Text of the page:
A Sudbury staff report attributes the soaring number of pothole damage claims in 2019 to weather and "excessive media attention given to potholes." (File)

Pothole claims filed against Greater Sudbury have declined dramatically so far in 2020, a staff report says, after a big spike in 2019.

The report attributes the soaring number of claims in 2019 to weather and "excessive media attention given to potholes."

Prepared for the city's finance and administration committee next week, the report lists the number of claims each year since 2015. There were 106 claims in 2015, followed by 111 and 127 in the following two years, before almost doubling to 234 in 2018.

In 2019, that number hit 553, dropping to 84 this year as of Aug. 30. While the number varies year to year, only a fraction of claims ends up in a payout.

Only 10 of the 106 claims filed in 2015 ended up as a paid claim. Of the 234 in 2018, just 26 ended up as paid claims. Last year, 72 of the 553 claims were paid out.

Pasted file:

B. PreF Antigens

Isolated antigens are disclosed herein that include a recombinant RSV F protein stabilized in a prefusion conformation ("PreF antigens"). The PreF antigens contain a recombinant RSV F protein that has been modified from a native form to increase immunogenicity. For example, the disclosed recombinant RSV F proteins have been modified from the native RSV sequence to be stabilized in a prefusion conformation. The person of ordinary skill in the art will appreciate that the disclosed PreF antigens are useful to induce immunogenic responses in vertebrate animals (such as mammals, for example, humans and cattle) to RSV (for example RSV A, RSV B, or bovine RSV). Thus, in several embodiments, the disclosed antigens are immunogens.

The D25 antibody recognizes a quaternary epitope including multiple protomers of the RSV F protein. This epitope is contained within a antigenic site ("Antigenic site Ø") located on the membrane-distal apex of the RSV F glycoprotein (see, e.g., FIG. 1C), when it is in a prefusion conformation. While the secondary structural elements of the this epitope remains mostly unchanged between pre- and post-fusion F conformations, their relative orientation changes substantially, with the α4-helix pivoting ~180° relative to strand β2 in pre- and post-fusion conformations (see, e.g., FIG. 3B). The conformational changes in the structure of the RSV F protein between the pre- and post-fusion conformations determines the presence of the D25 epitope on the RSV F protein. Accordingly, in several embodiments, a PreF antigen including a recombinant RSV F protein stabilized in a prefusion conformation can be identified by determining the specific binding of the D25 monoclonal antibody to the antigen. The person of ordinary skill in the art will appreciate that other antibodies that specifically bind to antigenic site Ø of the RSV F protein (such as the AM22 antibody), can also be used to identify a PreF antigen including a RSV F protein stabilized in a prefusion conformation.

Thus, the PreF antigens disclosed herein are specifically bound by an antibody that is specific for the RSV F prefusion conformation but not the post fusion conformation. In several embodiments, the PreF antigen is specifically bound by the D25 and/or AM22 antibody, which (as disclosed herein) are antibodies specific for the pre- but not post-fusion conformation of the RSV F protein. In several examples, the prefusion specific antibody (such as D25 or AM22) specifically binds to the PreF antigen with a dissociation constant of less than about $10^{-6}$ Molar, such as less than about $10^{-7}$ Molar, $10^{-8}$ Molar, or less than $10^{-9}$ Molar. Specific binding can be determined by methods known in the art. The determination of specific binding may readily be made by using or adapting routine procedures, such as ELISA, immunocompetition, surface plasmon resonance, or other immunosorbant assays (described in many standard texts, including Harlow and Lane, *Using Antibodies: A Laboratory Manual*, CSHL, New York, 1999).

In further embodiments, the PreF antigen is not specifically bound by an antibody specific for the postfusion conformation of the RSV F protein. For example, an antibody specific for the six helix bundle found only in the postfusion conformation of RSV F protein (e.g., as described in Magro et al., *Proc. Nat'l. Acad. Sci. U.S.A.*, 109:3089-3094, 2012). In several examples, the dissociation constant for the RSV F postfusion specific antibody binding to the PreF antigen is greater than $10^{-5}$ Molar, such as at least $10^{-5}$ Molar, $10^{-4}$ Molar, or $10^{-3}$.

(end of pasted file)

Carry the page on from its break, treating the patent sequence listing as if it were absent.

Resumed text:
Expected to decline

"The spike in 2019 could be caused by both the extraordinary winter conditions experienced and the excessive media attention given to potholes," the report said. "With added investment to the road system, it is anticipated that claims will continue to decline."

In terms of dollar costs, claims paid out in 2019 cost taxpayers $187,909, compared to just $28,219 so far in 2020.

"The reasons for the reduction in claims (in 2020) deals with the amount of investment made to our road system as well as fewer drivers on the road due to COVID-19," the report said. "The total investment to our roads, both capital and operational in 2018 and 2019, was approximately $140 million."

The city receives the most pothole claims in March of every year, as the winter thaw and the city's aging road network combine to reveal – and create – potholes. The city received 254 claims in March 2019 alone.

Members of the finance committee will receive the report at its meeting Nov. 17.